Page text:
BY NEIL FAUERSO
If nothing else, About Schmidt is revolutionary as one of the first times that an actor of the old guard of sexual prowess has played his age. Jack Nicholson, 65, plays Warren Schmidt, 66. And even if the lives of Nicholson and his character couldn’t be more different, they are linked by age and lineage—the psychic jowls of old-manism.
About Schmidt, the transcendent new comedy from whip-smart Alexander Payne (Election, Citizen Ruth), resonates throughout with the liberation of honesty. Unsentimental, hard, and deliriously funny, About Schmidt is the first film since You Can Count on Me to make everyday life so sad and rapturous.
Warren Schmidt, just retiring from a life of insurance sales, feels very little joy. At his retirement party, he skips out to the bar and grimly orders a vodka gimlet. When his wife surprises him with breakfast in their new monstrous RV, all he manages is a faint nod.
Then tragedy strikes, and all the crutches Schmidt has relied on—however halfheartedly—are gone. Filling the void are two new activities: writing autobiographical letters to an African boy named Ndugu, whom he is sponsoring, and stopping his daughter from marrying a mustached, ponytailed doofus named Randall (a smashingly self-deprecating Dermot Mulroney).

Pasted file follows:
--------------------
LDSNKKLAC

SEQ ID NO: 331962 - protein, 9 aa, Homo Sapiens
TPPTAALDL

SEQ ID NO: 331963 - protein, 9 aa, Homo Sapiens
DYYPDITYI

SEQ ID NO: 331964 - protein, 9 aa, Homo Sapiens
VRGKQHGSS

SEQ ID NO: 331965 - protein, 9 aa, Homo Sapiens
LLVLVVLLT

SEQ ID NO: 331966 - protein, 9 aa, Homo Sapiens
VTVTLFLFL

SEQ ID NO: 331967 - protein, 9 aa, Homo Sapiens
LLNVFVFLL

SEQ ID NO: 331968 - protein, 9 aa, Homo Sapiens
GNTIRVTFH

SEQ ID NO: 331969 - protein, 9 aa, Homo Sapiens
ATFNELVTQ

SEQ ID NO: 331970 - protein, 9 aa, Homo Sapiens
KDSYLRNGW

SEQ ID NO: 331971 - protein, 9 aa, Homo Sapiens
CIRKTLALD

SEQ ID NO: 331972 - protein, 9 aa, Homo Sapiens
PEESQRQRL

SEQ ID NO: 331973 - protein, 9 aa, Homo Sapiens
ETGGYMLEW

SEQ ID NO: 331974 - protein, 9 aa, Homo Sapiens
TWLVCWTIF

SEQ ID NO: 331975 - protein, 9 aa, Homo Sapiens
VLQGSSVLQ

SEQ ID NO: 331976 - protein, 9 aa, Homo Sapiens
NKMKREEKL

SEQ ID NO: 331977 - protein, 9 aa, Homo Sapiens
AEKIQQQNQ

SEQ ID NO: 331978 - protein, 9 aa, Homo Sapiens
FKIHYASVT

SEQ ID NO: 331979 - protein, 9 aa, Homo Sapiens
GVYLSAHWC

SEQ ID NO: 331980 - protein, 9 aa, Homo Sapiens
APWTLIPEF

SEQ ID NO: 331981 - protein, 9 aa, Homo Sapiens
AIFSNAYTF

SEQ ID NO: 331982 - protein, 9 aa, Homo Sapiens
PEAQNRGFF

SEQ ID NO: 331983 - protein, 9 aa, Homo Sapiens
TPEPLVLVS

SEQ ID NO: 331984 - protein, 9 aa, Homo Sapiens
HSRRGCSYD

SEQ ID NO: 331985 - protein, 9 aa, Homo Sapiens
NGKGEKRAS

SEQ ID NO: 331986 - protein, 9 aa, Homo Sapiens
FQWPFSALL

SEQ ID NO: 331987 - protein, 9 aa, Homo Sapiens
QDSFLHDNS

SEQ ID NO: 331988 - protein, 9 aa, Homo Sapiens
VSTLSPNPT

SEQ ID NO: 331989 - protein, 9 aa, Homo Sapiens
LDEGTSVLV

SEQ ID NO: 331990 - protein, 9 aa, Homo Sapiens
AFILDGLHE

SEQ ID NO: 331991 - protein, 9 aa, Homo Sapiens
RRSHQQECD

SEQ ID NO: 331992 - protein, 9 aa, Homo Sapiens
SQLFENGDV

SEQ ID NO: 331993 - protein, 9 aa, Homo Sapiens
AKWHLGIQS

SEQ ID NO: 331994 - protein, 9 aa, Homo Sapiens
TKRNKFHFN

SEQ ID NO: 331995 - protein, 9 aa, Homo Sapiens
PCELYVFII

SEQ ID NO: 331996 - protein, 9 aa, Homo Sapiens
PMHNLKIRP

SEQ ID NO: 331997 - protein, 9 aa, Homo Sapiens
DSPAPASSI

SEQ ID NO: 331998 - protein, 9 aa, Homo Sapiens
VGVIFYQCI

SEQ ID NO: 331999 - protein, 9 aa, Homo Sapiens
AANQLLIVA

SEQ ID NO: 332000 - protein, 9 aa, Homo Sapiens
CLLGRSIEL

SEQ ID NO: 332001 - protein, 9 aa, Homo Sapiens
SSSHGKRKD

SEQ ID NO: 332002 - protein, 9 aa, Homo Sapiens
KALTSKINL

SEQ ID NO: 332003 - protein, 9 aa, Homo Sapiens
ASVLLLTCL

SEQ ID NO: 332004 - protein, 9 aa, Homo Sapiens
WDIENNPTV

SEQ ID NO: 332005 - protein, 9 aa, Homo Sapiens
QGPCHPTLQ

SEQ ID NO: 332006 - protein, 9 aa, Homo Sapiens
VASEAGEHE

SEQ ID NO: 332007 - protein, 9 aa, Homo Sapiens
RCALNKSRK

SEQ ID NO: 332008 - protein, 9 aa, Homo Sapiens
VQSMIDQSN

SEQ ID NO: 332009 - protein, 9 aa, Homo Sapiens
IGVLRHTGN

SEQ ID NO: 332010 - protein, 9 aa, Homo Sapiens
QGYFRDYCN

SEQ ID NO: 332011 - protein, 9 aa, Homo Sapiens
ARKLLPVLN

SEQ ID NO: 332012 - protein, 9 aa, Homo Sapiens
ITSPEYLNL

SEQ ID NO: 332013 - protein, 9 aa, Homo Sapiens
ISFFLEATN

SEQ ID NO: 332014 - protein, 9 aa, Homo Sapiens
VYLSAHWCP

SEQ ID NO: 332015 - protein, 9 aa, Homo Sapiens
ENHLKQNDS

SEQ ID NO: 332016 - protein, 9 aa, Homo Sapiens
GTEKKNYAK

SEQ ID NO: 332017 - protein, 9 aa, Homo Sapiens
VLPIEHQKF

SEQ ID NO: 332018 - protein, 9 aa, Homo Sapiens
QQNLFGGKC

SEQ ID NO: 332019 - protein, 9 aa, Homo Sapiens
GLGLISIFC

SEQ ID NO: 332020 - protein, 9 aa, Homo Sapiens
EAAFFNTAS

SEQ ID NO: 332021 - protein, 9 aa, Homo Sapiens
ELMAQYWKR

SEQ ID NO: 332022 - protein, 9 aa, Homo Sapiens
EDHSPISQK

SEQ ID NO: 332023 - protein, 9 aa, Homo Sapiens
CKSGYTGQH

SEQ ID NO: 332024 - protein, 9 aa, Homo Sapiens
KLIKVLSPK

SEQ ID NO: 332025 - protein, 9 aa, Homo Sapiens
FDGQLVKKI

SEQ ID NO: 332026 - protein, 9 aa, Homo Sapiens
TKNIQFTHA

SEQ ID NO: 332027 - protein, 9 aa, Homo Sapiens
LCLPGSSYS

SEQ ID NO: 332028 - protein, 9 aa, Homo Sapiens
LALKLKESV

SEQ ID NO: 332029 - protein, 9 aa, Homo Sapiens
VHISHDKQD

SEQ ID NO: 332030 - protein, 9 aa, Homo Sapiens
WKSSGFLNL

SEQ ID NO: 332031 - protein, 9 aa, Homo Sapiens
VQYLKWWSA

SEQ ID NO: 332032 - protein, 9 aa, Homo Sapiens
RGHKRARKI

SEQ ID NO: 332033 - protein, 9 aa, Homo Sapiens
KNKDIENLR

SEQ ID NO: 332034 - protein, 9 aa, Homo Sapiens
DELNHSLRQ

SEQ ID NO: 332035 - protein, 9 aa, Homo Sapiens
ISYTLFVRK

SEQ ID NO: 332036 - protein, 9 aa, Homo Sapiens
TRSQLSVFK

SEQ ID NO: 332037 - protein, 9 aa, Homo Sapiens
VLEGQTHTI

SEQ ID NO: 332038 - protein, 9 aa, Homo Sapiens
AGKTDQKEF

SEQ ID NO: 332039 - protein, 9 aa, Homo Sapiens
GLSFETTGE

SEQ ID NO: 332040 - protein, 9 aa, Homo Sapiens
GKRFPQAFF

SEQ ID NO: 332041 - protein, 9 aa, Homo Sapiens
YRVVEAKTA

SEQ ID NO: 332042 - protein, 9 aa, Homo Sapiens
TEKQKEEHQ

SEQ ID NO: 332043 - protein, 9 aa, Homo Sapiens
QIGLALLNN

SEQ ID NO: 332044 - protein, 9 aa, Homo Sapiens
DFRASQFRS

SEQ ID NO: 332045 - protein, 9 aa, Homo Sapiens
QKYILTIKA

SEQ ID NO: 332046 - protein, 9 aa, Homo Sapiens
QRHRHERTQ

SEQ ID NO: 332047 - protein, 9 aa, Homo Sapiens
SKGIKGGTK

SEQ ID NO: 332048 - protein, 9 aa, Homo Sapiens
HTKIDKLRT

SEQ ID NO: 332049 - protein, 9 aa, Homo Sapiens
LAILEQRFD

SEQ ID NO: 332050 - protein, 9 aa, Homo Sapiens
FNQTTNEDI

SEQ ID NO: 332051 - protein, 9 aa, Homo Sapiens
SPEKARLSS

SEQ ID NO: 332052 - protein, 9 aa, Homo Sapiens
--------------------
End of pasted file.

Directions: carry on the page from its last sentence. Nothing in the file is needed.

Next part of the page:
The depth of About Schmidt comes from the details. Payne, a native of Omaha, gets all the sickly sweet details of Midwestern life terrifyingly right. Randall’s family is an ungodly fusion of white trash and new age, and the atmosphere of those scenes brims with such a startling hyperbolic familiarity that one cannot help but squirm.
And that’s not even mentioning the performances. Jack Nicholson, for the first time in arguably 27 years, loses the egomaniacal mugging and delivers a brave, bristling performance. Grumpy, absurdly straight, and definitely old, Nicholson’s Schmidt comes to terms with his own insignificance with humor and biting sadness. And then there’s Kathy Bates: Oscillating between cheerful new-agey charm and vitriolic rage, she is a revelation. The hot tub scene between her and Schimdt, who is looped on Percodan, is one of the great comedic moments in recent memory.
Ultimately, About Schmidt is startlingly forceful. The ending, in which Payne—usually a little too smart for his own good—and Nicholson work together in a moment of massive elegiac empathy, is enough to take the wind out of you. Not that there’s any left after a movie this funny, shrewd, and slyly entertaining.